Celebrating Navroze at SodaBottleOpenerWala
|The Non Vegetarian thali served today|
Every year, on Bengali New Year’s my Ma says one thing. “Whatever you do today, you will do it for the whole year!” Taking a cue from that declaration, as kids, we carefully planned our day every April 15th. We wriggled out from studies. Lunch would be a simple Bengali meal cooked by her, followed by an afternoon siesta. At 6 pm, the family headed out in their new Poila Boishak gear. Dinner would be either Chinese or Mughlai meal in any of our favourite eateries. As far as I can remember, that was the Adhikary Poila Boishak.
And no, that is not what we did for the rest of the year. Didn’t we know that already… But still believed in it! When I tell that to my Ma these days, we share a hearty laugh over it. Also, I have continued the tradition. Every April 15th, we head out here and there and eat a wholesome meal for dinner!
|What a bright and happy place this SodaBottleOpenerWala is|
Celebrations come with a wave of memories and nostalgia. And traditions. Today, I felt that kind of warmth, reminiscent of one’s childhood, chatting with a trio of lovely ladies at SodaBottleOpenerWala in Khan Market. Today the Parsis celebrate Navroze—the Parsi New Year. Hosted by the very special Chef Parul Pratap, who owns the show at the awesome Music and Mountains Café at Greater Kailash One, the wholesome Parsi thali and afternoon was a quaint yet special affair. But along with the food, that the Bawas would vouch for, I shared memories and moments with people (fellow writers Swati Rai and Sonalini Chaudhry) who I know will cease to be strangers anymore. Food is a great binder. And today’s afternoon proved just that. While I told them about the hidden gastronomic gems in the lanes and streets of Kolkata, Parul informed us about some unique Jap eateries in Delhi. Nothing fancy and fine-dining. But great, great food. I might not be a Parsi but there was a connection. Celebrations connect people. And today, that is exactly what happened…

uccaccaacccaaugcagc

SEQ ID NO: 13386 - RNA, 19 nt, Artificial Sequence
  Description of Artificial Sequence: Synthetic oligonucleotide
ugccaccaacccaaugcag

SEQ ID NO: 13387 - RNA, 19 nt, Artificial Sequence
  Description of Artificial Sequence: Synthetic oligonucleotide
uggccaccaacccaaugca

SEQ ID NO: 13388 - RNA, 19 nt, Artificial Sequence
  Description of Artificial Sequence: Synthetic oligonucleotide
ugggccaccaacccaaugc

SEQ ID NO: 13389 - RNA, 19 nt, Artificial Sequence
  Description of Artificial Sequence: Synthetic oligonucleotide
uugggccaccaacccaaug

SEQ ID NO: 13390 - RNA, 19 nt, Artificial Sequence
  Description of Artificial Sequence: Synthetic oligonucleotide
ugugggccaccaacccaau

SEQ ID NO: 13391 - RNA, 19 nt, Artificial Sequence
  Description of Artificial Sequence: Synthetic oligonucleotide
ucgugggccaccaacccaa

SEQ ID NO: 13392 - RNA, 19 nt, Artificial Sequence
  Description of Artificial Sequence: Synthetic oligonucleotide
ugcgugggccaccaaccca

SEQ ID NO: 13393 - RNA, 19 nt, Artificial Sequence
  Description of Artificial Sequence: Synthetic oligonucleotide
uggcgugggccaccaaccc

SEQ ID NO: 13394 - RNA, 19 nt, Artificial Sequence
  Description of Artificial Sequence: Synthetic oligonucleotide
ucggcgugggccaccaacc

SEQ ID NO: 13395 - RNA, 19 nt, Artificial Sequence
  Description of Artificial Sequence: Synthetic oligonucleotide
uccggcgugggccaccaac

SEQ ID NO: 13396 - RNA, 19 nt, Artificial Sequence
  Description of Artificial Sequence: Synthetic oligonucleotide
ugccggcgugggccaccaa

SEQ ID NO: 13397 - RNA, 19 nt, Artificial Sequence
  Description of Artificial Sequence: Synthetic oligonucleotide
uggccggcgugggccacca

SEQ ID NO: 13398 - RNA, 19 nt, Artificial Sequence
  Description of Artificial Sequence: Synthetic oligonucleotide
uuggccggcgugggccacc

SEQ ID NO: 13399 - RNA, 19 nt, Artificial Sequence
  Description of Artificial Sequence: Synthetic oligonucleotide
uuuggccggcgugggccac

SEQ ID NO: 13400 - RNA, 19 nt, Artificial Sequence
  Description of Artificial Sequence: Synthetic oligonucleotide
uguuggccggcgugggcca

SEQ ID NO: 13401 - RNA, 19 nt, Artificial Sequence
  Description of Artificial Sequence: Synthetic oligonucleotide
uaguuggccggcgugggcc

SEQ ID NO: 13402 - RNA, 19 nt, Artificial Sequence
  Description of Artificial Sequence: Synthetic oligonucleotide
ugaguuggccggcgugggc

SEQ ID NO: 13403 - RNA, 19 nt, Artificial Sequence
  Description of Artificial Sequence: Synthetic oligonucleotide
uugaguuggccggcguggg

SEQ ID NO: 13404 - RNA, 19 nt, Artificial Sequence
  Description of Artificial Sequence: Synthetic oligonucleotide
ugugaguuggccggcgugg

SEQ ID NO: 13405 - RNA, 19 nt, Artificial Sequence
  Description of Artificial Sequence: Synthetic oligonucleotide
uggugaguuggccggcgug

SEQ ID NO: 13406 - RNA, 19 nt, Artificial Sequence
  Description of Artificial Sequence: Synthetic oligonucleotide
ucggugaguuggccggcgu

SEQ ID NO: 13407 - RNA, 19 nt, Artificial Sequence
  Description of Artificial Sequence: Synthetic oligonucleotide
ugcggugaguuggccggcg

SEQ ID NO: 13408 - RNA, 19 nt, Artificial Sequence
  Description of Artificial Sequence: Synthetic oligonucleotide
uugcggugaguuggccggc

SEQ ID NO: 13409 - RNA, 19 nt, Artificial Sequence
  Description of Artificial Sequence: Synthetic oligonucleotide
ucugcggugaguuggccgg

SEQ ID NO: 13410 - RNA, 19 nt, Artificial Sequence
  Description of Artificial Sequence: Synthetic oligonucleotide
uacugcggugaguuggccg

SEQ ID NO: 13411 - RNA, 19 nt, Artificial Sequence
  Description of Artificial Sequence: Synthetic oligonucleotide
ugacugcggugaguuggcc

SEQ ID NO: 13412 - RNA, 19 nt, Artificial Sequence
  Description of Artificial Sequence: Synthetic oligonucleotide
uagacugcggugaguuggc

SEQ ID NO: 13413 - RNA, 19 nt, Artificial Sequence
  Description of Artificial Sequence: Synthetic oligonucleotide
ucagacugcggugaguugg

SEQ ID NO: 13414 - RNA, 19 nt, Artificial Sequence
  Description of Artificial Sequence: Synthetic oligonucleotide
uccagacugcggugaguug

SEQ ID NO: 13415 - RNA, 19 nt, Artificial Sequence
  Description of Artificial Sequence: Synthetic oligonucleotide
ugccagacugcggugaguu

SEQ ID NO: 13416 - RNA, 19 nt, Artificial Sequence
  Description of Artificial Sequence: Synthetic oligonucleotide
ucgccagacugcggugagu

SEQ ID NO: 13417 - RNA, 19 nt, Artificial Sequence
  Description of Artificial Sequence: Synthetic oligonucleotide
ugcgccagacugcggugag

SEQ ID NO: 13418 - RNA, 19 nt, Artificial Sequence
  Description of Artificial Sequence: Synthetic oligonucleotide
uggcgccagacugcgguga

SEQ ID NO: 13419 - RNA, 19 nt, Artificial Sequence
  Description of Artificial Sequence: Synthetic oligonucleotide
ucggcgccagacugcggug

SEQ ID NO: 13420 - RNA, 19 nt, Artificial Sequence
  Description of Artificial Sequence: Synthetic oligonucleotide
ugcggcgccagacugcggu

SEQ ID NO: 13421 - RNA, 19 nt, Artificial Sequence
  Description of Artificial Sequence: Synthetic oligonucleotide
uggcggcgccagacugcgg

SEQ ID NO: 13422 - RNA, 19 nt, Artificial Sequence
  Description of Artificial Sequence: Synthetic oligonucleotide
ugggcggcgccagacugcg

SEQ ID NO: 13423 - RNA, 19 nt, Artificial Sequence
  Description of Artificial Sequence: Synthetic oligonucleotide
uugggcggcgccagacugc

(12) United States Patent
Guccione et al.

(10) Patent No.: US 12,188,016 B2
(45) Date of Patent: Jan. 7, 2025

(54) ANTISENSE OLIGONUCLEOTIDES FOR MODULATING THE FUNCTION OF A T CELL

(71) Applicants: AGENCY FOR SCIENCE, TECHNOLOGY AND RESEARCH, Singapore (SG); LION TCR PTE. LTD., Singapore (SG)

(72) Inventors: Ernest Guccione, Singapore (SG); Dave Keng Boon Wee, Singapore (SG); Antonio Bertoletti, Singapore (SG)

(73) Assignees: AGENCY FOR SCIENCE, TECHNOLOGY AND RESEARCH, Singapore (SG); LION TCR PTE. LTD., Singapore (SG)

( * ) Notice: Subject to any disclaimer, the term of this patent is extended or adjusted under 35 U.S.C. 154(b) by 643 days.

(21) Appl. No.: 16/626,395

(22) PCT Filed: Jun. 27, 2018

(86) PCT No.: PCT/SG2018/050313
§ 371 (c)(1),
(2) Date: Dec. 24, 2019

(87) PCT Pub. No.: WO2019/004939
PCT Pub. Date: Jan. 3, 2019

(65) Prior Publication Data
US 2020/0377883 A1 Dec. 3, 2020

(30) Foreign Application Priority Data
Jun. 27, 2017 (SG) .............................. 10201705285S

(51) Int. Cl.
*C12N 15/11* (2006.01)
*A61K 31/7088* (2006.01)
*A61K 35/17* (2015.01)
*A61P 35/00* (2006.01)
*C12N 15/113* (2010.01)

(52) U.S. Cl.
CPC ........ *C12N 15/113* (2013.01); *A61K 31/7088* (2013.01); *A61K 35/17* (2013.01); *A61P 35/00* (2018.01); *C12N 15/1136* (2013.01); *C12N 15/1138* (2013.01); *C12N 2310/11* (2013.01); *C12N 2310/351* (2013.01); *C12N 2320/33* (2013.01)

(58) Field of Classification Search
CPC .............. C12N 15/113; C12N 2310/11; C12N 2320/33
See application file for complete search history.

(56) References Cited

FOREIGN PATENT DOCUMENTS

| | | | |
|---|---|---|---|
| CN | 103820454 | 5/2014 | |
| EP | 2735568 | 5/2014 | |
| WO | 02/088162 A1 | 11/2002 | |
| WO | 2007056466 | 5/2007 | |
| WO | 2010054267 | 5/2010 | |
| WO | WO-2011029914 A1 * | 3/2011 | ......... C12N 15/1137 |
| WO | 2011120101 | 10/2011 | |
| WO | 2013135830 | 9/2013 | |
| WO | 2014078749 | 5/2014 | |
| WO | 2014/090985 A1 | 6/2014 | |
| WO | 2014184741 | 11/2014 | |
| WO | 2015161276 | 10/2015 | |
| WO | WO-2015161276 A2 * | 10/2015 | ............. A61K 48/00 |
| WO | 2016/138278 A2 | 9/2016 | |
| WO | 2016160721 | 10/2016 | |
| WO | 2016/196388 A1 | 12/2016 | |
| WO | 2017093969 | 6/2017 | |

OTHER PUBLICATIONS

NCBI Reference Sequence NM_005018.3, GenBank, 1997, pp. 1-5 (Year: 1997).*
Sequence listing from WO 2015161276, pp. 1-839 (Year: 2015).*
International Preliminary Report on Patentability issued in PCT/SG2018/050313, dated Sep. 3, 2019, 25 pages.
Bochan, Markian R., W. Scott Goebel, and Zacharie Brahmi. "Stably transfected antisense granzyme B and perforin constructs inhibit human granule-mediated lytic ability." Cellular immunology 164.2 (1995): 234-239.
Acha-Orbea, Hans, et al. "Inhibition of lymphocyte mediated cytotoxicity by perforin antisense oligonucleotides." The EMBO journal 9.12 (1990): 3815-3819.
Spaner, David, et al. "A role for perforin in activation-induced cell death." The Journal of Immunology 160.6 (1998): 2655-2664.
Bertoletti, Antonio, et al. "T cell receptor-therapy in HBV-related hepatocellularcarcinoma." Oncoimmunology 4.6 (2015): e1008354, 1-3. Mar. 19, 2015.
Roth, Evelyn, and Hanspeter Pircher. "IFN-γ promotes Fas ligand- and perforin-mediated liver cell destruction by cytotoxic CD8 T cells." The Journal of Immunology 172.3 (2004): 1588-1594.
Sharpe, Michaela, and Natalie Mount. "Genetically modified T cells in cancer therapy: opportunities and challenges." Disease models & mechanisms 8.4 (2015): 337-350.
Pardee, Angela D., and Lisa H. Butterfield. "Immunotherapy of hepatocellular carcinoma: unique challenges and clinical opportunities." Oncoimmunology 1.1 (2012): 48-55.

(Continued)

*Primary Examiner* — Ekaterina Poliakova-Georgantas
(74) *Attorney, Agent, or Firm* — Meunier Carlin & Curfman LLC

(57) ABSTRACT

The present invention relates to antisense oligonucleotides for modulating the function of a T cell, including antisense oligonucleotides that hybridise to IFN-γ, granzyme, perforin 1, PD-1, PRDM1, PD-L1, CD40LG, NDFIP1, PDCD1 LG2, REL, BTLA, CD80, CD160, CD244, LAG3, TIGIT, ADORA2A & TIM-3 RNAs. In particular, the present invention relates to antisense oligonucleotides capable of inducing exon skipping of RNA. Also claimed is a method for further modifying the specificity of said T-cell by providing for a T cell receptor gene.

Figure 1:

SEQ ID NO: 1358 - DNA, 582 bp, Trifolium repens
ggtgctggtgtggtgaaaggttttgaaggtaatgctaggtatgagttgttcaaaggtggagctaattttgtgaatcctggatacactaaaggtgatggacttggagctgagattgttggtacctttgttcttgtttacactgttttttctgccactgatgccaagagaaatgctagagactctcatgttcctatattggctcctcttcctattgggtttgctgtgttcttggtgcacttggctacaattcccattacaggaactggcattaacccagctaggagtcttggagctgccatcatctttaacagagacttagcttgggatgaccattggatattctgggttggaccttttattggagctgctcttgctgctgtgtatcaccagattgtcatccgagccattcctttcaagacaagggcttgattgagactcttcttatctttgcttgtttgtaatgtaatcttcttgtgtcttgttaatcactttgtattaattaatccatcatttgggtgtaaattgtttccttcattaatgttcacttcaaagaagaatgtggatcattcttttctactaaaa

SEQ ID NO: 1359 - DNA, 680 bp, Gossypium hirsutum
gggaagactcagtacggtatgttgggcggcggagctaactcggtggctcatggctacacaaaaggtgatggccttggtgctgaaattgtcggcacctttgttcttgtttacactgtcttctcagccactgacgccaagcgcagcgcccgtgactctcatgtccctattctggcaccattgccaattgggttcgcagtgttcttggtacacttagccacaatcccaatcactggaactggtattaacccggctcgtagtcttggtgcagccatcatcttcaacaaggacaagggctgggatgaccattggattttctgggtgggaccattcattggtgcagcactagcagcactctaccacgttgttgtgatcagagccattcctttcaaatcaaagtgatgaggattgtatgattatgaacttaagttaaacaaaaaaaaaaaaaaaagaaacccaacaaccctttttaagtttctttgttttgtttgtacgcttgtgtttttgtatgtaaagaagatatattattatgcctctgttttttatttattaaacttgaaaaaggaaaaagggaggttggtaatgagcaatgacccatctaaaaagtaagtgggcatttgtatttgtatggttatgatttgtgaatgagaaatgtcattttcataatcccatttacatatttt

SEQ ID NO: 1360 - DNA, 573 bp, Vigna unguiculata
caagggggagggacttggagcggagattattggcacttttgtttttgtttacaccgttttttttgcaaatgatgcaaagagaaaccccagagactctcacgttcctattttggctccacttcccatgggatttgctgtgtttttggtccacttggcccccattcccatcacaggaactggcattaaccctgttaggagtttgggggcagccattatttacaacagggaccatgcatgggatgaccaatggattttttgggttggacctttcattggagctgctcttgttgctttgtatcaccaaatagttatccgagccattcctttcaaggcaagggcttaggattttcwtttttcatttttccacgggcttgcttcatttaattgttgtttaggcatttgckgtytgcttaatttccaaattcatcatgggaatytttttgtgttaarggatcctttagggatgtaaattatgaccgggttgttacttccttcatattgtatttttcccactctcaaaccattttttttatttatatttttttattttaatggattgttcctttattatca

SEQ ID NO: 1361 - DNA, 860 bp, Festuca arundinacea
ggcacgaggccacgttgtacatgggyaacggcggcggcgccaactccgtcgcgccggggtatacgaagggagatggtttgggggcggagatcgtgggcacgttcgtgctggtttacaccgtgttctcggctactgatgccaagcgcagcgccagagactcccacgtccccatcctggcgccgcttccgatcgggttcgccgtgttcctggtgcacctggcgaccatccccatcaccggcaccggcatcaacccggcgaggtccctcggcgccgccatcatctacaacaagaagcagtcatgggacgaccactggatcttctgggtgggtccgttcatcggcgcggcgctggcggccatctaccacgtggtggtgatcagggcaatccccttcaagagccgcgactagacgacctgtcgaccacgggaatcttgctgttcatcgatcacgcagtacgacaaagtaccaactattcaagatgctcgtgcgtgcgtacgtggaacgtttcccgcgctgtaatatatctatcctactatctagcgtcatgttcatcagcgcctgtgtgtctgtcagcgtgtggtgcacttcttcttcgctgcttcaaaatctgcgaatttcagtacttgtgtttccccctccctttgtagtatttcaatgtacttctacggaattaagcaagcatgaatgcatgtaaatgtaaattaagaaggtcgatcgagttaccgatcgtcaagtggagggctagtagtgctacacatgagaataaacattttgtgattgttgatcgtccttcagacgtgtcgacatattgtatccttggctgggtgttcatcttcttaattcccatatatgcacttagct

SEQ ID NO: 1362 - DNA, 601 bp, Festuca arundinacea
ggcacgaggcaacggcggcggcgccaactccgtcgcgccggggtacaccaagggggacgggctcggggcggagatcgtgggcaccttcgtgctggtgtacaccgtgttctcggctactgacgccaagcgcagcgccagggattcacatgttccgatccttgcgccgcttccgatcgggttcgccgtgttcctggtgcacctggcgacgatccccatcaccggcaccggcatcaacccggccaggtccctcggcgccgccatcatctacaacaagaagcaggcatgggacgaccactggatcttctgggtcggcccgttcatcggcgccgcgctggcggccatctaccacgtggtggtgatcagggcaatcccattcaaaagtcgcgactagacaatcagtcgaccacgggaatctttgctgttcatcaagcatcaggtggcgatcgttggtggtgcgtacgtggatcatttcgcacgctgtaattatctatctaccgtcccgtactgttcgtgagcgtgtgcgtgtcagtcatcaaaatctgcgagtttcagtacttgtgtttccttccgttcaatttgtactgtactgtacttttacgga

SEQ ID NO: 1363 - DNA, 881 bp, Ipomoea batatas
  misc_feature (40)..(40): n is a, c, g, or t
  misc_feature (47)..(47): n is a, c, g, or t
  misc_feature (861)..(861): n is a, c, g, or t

|Chef Parul Pratap's brilliant plan brought the afternoon alive|
The festival will be on till March 31st and there is a thali for both vegetarians (Rs 600 plus taxes) as well as non-vegetarians (Rs 700 plus taxes). Today, we meat eaters ate a mean mackerel fry that was marinated with garlic, chillies and tomato. Generally, I am not fond of sea fishes and the last time I tasted mackerel in Kerala, I had to request the husband to finish it for me. But today’s fish, despite its distinctive smell, was worth negotiating. The rotli was soft and a perfect partner to the thick masala ni daal. It almost reminded me of the cholaar dal, we Bongs love with our luchi. Food does transcend barriers of states and cultures.
|Chomping and chatting|
The mutton pieces in the berry pulao had the right bite to them and the chicken pattice was crisp on the outside and soft inside. There was a helping of a Russian salad that had a colonial hangover and it added the much-needed sour kick to the sweet and savoury items that was laid on a banana leaf. Again, a Bengal touch.
|The Parsi quirks|
The Jardaloo ma Marghi was a tad too sweet for my taste but I can gauge where that came from. A lot of Parsi cooking has Gujarati influences. Even the people of West Bengal tend to sweeten many of their vegetarian curries. However, no matter how the curry was, the chicken was soft, succulent and is emblematic of how wonderfully Chef Anahita Dhondy has translated her family recipes for foodies dining at this wonderful eatery.
For dessert, we were served the Irani pulled wheat based Malido. It was laden with ghee and dried fruits. But I like my sweet to be really sweet. So, I skipped that and concentrated on the Falooda, a fabulous combination of kulfi, raspberry crush and sweet basil seeds.
With conversation like a gurgling brook and food this hearty, I couldn’t ask for a better afternoon. This was my first Navroze celebratory lunch and I did come back to tell Ma about it. And yes, she did say, “It means you will have such splendid moments the whole year!” Amen…